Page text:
Warren Buffett is the best known man in Omaha, Nebraska – a hometown boy, fourth richest person in the world, and admirer of Hillary Clinton. That friendship, her speaking style and his popularity – combined – couldn’t fill the Omaha North High School auditorium, even after some of the stands were packed with too-young-to-vote schoolchildren.
There are times, such as yesterday in Nebraska, when even the wealthiest skinflint in the world must feel defeated.
Meanwhile, Donald Trump is turning away thousands at some rallies, attracting record audiences for a Republican candidate, throngs comparable to the crowds produced for Bernie Sanders, who was also running against Hillary.
What is going on here? How can a woman, who has earned millions of dollars in speeches authorized by CEOs of major corporations, not attract a crowd? You would think that anyone. who was paid $300,000 or more for a speech, must be a great speaker, and gee whiz, here’s a chance to hear her – no charge.
Following a reflective lapse after a glass of burgundy, I concluded that Hillary is not a great crowd thriller, so reports of her making so much money from talking to big business and their lobbyists must be exaggerated. Maybe, I wondered for her sake, there were a couple talks here and there, and that “right wing conspiracy” was just pretending that she received huge fees for many talks.
You can check things like this, even if they don’t show up on your favorite search engine. Here, the best source would be the financials that Hillary was required to file last year as part of her bid for the Presidency. This is a PDF of that filing, that you can download. (The parallel PDF for Donald Trump and my comments on his 94-page report will appear here next Tuesday.)
Speeches are paid for with honorariums: In 2014 (full year prior to filing) the following amounts were paid to Hillary – not to her campaign, Super PACs, or the Clinton Foundation, but only to her, personally.
In chronological order, the amounts and sources, beginning January 6:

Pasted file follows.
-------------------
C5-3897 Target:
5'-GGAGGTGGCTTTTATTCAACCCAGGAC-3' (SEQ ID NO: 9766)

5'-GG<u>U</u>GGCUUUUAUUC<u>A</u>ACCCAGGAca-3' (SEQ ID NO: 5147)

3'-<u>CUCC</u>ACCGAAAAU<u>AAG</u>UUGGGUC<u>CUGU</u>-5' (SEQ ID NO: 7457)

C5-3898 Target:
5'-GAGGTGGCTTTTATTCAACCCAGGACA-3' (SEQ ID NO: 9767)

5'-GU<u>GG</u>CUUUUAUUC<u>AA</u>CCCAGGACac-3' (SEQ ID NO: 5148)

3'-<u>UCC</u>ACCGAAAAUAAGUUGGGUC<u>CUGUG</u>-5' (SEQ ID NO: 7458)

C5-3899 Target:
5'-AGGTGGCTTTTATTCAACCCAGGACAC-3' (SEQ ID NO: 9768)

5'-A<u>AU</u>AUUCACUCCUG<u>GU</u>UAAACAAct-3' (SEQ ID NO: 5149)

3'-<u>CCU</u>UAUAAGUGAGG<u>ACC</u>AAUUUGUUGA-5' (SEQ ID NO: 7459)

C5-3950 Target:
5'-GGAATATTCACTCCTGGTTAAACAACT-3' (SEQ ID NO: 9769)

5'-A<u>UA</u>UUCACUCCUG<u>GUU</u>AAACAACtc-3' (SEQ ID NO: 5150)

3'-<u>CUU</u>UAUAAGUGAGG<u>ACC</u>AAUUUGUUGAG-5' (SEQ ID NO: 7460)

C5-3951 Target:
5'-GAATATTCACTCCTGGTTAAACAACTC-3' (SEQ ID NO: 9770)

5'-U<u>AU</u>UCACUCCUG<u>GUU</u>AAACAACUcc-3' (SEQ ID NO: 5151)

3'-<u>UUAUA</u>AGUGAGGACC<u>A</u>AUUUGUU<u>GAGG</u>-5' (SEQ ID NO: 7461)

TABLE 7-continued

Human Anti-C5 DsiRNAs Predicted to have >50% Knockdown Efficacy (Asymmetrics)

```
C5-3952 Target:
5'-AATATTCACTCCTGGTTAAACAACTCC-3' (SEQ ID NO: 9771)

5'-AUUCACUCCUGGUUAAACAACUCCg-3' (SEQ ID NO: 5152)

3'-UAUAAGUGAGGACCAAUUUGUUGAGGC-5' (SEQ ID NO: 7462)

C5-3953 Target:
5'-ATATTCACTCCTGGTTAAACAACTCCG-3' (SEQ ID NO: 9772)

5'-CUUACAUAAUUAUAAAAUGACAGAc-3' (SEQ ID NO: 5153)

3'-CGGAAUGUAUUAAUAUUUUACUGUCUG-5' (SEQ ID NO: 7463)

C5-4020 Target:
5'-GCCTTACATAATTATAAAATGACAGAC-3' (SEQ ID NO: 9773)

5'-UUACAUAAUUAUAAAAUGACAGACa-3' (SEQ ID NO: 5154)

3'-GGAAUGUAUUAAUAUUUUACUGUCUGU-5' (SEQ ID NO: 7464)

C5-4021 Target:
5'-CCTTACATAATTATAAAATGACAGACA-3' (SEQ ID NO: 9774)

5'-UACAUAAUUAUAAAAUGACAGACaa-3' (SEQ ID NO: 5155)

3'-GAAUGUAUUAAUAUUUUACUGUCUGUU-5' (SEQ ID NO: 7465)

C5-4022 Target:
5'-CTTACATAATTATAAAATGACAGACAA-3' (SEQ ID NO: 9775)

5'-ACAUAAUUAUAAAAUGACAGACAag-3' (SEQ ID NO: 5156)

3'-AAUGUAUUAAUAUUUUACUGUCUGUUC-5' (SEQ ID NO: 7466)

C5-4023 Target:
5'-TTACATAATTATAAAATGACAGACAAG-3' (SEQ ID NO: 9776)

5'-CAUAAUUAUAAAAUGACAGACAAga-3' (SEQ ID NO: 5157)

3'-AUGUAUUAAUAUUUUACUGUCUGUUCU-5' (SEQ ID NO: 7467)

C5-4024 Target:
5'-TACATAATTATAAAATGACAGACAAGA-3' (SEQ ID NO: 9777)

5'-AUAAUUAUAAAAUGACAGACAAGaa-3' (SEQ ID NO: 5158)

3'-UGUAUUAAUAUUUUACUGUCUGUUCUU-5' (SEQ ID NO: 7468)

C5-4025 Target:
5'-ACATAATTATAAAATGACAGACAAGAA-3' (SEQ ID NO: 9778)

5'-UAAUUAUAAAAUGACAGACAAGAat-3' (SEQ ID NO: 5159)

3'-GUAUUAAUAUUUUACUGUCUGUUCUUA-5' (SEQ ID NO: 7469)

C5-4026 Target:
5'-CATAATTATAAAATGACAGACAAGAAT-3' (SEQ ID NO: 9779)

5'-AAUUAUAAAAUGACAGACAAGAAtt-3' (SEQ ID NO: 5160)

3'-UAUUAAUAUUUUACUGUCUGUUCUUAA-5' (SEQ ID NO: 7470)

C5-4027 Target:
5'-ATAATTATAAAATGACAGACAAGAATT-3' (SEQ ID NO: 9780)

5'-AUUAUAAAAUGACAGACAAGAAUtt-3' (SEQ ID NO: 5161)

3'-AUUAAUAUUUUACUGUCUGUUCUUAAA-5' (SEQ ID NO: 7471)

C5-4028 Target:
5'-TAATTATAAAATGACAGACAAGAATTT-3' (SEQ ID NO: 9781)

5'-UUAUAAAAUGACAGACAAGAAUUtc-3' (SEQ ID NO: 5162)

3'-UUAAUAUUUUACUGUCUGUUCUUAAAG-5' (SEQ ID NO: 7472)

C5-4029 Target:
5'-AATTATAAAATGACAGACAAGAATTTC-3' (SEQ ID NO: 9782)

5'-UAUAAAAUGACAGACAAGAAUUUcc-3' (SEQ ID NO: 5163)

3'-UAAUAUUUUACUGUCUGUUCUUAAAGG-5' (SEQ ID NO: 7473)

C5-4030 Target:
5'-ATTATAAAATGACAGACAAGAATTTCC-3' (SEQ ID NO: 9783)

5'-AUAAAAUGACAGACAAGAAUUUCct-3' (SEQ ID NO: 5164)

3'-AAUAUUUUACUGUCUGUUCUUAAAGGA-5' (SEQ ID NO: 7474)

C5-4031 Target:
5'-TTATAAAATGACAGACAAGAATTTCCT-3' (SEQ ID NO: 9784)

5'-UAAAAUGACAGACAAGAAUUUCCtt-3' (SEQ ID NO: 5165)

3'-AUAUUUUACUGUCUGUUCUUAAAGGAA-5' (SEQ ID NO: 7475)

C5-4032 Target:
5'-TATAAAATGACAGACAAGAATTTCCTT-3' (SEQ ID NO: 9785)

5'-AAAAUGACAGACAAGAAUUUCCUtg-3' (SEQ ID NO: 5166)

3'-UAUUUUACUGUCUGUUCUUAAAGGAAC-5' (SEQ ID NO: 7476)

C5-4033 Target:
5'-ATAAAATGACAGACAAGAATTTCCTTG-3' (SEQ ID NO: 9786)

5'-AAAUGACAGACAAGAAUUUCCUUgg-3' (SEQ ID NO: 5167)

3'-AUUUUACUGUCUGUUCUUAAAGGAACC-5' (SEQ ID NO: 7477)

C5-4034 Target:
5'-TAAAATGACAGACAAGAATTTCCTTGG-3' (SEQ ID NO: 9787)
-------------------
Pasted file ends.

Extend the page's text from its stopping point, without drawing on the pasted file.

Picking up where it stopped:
- $225,000 – General Electric, Boca Raton, FL
- $225,000 – Premier Health Alliance, Miami, FL
- $225,000 – Salesforce.com, Las Vegas, NV
- $125,000 – Novo Nordisk, Mexico City, Mexico (by satellite)
- $225,000 – Healthcare Information and Management, Orlando, FL
- $260,000 – A&E Television Networks, New York, NY
- $225,000 – Assn. of Corporate Counsel, SoCal, Los Vegas, CA
- $275,000 – Vancouver Board of Trade, Vancouver, Canada
- $225,000 – tinePublic Inc., Calgary, Canada
- $250,000 – Drug, Chemical and Assoc. Tech., New York, NY
- $225,000 – Xerox Corp., New York, NY
- $275,000 – Board of Trade of Metro Montreal, Montreal, Canada
- $225,500 – Academic Partnerships, Dallas, TX
- $225,500 – Marketo Inc., San Francisco, CA
- $250,500 – World Affairs Council – Oregon, Portland, OR
- $225,500 – Institute of Scrap recycling Ind., Las Vegas, NV
- $265,000 – Let’s Talk Entertainment, San Jose, CA
- $100,000 – California Medical Assn., San Diego, CA (by satellite)
- $225,500 – National Council for Behavioral Healthcare, Washington, DC
- $225,500 – International Dairy-Del-Bakery Assn., Denver, CO
- $265,000 – Let’s Talk Entertainment, San Jose, CA (2d in 2014)
- $225,000 – United Fresh Produce Assn., Chicago, IL
- $150,000 – tinePublic Inc., Toronto, Canada
- $100,000 – tinePublic Inc., Edmonton, Canada
- $150,000 – Innovation Arts and Entertainment, Austin, TX
- $335,000 – Biotechnology Industry Org., San Diego, CA
- $150,000 – Innovation Arts and Entertainment, San Francisco, CA
- $260,000 – GTCR, Chicago, IL
- $225,500 – Knewton Inc., San Francisco, CA
- $225,500 – Ameriprise, Boston, MA
- $225,500 – Corning Inc., Corning, NY
- $300,000 – Nexenta Systems, San Francisco, CA
- $325,000 – Cisco, Las Vegas, NV
- $225,500 – Robbins, Geller, Rudman & Dowd LLP, San Diego, CA
- $275,000 – Cardiovascular Research Foundation, Washington, DC
- $225,500 – Commercial R.E. Women Network, Miami Beach, FL
- $275,500 – Canada 2020, Ottawa, Canada
- $260,000 – Deutsche Bank AG, New York, NY
- $265,000 – AvaMed, Chicago, IL
- $225,500 – Council of Insurance Agents and Brokers, Colorado Springs, CO
- $225,500 – Salesforce.com, San Francisco, CA
- $335,000 – Qualcomm Inc., San Diego, CA
The median pay for an American worker in 2015 was $28,851.21. Hillary’s average speech, even counting those beamed by satellite, was $232,190 – for just an hour’s or less work. That single average hour by Hillary reaped as much money as the total wages of someone working daily 9-5 for a total of eight years.
Hillary’s approximate 42 hours of work (one week plus two hours overtime) for all speeches earned her enough in 2014 to pay the full time salary of an average American for 346 years. One week for nearly 3.5 centuries!
She is not alone. Life after politics has become a fertile field for sowing millions from overgrown corporations and their lobbying groups. It looks bad and smells bad, reeking of past favors repaid and ignoring the public in favor of private crony capitalists and their vassals.
Supporters excuse Hillary for a system that allows her millions for minor effort. Like other elected officials who promise changes, she knows her real dilemma is that you cannot fill a pit, when you’ve dropped to the bottom of it. The trick is to stay out of it in the first place by not trading for favors.